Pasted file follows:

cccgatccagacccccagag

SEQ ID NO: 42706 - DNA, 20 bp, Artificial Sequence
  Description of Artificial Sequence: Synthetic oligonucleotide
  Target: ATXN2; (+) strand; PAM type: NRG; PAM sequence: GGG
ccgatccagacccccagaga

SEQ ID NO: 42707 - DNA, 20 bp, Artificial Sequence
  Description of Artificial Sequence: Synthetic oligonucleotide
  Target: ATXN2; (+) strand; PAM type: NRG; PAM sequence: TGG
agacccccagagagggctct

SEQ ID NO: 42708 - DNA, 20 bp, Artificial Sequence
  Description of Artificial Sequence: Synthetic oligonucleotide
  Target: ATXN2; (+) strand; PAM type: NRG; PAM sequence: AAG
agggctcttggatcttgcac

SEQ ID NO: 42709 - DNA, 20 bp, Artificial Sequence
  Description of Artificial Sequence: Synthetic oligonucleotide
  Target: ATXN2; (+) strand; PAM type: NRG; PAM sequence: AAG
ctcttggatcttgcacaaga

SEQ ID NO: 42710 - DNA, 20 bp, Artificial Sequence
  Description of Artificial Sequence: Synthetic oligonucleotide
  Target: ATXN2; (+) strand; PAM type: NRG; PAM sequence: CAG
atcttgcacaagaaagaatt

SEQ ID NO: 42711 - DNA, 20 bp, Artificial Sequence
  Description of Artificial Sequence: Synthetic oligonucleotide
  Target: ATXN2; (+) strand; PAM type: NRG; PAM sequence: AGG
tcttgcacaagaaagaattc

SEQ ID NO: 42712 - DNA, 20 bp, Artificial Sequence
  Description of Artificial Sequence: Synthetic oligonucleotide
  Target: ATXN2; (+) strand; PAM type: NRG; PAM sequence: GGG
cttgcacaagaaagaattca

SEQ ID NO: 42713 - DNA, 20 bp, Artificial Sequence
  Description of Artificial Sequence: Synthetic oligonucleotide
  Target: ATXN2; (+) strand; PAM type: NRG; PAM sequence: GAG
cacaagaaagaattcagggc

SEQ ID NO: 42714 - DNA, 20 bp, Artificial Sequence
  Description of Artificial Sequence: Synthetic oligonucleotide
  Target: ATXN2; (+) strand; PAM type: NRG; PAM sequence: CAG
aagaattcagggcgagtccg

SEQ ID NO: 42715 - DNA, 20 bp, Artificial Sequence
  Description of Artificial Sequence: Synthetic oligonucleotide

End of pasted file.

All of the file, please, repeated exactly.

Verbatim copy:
cccgatccagacccccagag

SEQ ID NO: 42706 - DNA, 20 bp, Artificial Sequence
  Description of Artificial Sequence: Synthetic oligonucleotide
  Target: ATXN2; (+) strand; PAM type: NRG; PAM sequence: GGG
ccgatccagacccccagaga

SEQ ID NO: 42707 - DNA, 20 bp, Artificial Sequence
  Description of Artificial Sequence: Synthetic oligonucleotide
  Target: ATXN2; (+) strand; PAM type: NRG; PAM sequence: TGG
agacccccagagagggctct

SEQ ID NO: 42708 - DNA, 20 bp, Artificial Sequence
  Description of Artificial Sequence: Synthetic oligonucleotide
  Target: ATXN2; (+) strand; PAM type: NRG; PAM sequence: AAG
agggctcttggatcttgcac

SEQ ID NO: 42709 - DNA, 20 bp, Artificial Sequence
  Description of Artificial Sequence: Synthetic oligonucleotide
  Target: ATXN2; (+) strand; PAM type: NRG; PAM sequence: AAG
ctcttggatcttgcacaaga

SEQ ID NO: 42710 - DNA, 20 bp, Artificial Sequence
  Description of Artificial Sequence: Synthetic oligonucleotide
  Target: ATXN2; (+) strand; PAM type: NRG; PAM sequence: CAG
atcttgcacaagaaagaatt

SEQ ID NO: 42711 - DNA, 20 bp, Artificial Sequence
  Description of Artificial Sequence: Synthetic oligonucleotide
  Target: ATXN2; (+) strand; PAM type: NRG; PAM sequence: AGG
tcttgcacaagaaagaattc

SEQ ID NO: 42712 - DNA, 20 bp, Artificial Sequence
  Description of Artificial Sequence: Synthetic oligonucleotide
  Target: ATXN2; (+) strand; PAM type: NRG; PAM sequence: GGG
cttgcacaagaaagaattca

SEQ ID NO: 42713 - DNA, 20 bp, Artificial Sequence
  Description of Artificial Sequence: Synthetic oligonucleotide
  Target: ATXN2; (+) strand; PAM type: NRG; PAM sequence: GAG
cacaagaaagaattcagggc

SEQ ID NO: 42714 - DNA, 20 bp, Artificial Sequence
  Description of Artificial Sequence: Synthetic oligonucleotide
  Target: ATXN2; (+) strand; PAM type: NRG; PAM sequence: CAG
aagaattcagggcgagtccg

SEQ ID NO: 42715 - DNA, 20 bp, Artificial Sequence
  Description of Artificial Sequence: Synthetic oligonucleotide